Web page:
A company tends to have three options when growing profits. It can repurchase shares, raise profit margins, and sell more stuff (top-line growth). The effectiveness of share repurchases are contingent upon valuations, and profit margins would need another round of technological gains to advance. WIth an expected future reliance on revenue growth to fuel earnings growth, I would not be expecting historically above-average earnings per share growth from the S&P 500 during the 2015 through 2025 measurement period.
That leaves us with valuation. S&P 500 stocks may be 20% overvalued on a historical P/E basis, but I would be willing to lower that to 15% due to the effects of the strong dollar that is mildly depressing the overall earnings picture of the 502 companies as a whole. Counting dividends, we should be expecting about 6-7% annual returns from 2015-2025 compared to the near 10% annual returns that a basket of U.S. stocks generated from 1926 through 2012.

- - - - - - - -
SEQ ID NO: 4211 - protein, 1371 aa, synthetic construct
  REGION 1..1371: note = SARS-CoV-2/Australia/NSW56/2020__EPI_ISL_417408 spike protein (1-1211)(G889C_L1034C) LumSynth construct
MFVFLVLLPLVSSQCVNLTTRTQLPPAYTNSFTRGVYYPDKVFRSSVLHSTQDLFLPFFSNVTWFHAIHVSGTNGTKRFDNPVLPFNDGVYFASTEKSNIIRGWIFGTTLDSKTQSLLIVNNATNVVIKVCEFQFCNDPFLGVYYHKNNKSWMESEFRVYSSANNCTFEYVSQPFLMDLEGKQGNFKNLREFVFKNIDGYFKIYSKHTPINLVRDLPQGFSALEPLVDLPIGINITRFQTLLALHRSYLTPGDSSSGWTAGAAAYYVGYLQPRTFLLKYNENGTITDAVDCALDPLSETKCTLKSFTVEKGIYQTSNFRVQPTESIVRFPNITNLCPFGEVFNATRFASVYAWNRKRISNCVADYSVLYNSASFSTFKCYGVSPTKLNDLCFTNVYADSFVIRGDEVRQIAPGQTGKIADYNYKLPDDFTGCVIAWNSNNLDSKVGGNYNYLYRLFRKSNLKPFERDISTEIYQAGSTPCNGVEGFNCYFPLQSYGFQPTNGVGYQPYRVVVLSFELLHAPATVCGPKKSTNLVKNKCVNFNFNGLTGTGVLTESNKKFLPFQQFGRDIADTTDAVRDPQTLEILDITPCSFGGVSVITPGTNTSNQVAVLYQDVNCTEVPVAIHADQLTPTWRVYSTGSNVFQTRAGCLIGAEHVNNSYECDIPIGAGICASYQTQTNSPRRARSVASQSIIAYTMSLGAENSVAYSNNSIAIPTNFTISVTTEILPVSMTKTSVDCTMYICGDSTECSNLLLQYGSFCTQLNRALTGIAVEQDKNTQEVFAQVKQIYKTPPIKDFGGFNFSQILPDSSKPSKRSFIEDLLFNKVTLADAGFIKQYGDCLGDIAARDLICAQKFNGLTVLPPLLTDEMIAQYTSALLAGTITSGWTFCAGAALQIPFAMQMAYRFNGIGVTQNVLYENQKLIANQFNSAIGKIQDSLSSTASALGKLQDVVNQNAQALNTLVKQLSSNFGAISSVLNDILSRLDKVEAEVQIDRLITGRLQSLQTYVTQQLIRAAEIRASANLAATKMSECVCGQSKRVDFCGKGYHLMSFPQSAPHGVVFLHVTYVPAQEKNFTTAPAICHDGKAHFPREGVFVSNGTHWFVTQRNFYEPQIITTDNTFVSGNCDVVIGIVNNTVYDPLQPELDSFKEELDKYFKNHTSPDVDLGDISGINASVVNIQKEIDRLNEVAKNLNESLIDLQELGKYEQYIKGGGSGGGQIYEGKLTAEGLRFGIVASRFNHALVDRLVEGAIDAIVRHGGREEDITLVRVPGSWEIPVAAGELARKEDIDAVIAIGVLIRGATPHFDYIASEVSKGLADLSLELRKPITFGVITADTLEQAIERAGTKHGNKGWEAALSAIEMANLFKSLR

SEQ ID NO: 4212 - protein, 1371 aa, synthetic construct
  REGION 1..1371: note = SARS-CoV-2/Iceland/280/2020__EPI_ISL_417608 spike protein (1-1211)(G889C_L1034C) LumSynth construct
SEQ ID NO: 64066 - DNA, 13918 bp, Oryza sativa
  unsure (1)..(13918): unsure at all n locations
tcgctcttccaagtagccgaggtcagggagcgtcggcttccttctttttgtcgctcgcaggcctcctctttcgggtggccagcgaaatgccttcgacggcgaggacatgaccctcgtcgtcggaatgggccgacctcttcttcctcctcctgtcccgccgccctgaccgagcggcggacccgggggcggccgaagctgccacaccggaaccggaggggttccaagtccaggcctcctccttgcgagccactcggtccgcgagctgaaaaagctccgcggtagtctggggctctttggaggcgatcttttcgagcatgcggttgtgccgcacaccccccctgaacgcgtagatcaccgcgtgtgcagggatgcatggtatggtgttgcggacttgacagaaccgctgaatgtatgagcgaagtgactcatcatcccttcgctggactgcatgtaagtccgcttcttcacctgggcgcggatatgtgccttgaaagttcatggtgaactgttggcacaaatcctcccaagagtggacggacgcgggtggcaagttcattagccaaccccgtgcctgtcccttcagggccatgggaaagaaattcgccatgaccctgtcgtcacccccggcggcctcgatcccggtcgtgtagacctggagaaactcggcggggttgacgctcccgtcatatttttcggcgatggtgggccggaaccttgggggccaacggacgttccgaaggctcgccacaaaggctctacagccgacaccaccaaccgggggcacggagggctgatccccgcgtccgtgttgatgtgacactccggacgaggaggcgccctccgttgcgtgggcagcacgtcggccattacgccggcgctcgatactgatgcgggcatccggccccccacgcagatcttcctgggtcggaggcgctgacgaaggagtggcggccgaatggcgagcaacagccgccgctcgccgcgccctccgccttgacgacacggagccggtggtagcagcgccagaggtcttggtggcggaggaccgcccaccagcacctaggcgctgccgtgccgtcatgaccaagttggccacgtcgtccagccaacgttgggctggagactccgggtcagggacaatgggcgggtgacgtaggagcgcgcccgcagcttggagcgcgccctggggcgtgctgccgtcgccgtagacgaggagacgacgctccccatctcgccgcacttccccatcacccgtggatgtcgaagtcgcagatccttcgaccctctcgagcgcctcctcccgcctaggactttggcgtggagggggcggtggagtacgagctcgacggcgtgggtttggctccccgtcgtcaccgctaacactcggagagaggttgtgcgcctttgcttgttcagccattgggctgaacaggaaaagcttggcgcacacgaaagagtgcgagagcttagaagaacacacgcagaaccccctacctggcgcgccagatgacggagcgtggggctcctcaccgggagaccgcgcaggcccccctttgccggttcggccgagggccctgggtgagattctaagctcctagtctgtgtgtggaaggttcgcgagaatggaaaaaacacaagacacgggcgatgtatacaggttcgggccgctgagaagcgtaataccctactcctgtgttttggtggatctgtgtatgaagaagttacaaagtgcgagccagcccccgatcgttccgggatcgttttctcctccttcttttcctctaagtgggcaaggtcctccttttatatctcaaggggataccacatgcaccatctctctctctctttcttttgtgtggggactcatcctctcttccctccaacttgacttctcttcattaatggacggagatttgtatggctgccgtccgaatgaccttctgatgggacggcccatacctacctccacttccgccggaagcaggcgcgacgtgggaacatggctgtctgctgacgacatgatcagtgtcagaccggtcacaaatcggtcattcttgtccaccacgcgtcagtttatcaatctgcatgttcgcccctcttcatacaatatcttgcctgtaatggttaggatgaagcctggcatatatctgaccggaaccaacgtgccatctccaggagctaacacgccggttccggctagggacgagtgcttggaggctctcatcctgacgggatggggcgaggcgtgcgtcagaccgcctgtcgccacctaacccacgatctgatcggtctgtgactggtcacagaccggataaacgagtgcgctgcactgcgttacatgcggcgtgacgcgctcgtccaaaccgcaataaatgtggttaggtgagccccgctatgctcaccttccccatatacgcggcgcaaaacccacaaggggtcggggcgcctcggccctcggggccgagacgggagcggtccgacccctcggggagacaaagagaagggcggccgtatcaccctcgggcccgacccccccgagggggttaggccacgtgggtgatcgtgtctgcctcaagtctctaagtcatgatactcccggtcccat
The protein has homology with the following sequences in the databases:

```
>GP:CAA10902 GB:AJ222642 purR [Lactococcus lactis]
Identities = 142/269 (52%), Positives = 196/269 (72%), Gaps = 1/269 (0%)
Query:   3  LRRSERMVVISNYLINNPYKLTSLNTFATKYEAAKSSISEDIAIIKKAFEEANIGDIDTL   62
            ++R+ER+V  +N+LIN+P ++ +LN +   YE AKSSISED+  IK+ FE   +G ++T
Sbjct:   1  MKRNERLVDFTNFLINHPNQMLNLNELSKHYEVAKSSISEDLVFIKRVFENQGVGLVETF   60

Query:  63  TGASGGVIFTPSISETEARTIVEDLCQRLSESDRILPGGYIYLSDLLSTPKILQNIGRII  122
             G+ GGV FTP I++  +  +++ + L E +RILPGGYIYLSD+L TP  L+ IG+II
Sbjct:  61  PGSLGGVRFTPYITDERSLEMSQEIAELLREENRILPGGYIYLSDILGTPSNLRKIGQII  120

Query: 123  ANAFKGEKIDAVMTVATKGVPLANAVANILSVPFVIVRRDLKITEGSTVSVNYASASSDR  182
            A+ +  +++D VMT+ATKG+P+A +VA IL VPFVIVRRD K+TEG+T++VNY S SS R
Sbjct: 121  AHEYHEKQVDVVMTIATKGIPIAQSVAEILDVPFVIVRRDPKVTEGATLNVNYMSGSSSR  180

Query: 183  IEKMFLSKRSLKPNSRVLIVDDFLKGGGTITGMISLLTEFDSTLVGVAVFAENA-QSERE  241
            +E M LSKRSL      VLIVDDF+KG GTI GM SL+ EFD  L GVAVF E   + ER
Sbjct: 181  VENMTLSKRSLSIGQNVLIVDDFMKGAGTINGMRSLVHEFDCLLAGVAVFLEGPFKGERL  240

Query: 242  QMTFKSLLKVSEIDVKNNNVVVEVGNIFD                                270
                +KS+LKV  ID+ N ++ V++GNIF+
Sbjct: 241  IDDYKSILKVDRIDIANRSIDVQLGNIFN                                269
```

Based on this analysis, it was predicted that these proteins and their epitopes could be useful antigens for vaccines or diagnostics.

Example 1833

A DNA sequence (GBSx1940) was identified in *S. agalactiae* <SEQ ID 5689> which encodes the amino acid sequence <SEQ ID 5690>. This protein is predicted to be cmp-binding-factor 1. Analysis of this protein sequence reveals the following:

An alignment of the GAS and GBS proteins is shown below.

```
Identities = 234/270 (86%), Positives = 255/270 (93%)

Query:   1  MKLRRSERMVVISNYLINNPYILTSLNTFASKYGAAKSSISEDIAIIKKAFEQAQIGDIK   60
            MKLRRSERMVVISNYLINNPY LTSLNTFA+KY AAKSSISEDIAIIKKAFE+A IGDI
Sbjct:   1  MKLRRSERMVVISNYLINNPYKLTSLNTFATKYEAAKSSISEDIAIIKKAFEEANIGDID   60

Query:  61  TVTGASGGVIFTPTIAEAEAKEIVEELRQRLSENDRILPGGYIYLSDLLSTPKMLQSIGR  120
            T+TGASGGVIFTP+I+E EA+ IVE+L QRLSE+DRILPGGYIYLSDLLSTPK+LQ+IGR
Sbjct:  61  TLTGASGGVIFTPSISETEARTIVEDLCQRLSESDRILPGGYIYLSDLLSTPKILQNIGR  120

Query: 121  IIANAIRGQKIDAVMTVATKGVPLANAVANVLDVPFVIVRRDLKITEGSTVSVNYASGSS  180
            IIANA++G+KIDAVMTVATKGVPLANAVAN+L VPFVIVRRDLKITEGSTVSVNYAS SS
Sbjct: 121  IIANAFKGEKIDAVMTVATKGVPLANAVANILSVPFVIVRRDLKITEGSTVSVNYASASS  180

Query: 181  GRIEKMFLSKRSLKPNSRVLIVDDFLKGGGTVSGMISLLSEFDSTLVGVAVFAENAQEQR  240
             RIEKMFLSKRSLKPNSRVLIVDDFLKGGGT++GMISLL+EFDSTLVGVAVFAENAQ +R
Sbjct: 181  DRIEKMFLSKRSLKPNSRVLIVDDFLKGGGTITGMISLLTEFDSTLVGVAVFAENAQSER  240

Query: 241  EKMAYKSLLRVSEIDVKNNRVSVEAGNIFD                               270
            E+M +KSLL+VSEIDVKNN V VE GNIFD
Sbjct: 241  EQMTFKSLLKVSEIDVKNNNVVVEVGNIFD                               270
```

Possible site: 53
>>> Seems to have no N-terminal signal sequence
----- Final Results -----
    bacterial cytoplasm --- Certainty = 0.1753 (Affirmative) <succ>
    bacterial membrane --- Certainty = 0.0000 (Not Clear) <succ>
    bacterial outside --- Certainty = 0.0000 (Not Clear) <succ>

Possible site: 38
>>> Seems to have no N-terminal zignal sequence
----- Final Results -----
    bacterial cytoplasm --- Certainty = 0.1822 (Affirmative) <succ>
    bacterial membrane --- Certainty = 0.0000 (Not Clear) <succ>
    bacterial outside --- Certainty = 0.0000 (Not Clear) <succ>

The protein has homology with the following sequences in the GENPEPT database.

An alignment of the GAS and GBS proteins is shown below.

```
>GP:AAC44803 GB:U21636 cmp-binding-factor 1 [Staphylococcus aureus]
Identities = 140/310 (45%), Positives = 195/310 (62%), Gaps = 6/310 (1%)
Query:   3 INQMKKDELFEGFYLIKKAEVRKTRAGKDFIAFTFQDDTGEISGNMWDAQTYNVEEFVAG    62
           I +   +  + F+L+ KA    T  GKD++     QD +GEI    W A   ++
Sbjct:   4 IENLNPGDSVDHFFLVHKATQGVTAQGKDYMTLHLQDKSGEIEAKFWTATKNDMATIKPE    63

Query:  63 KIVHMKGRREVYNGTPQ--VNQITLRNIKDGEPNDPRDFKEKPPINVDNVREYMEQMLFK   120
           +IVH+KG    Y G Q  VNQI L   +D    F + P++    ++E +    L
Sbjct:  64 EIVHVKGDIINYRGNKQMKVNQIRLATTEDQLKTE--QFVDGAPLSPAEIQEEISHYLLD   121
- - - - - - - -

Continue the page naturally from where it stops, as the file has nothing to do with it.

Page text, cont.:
There are two conditions that can be difficult in which to make investments. The first is during scenarios like 2008-2009, when investors must ignore recency bias and declines in their own net worth to continue reinvesting and apply fresh cash to attractive opportunities. Under this scenario, the difficulty is entirely psychological: You must convince yourself that now is the right time to buy.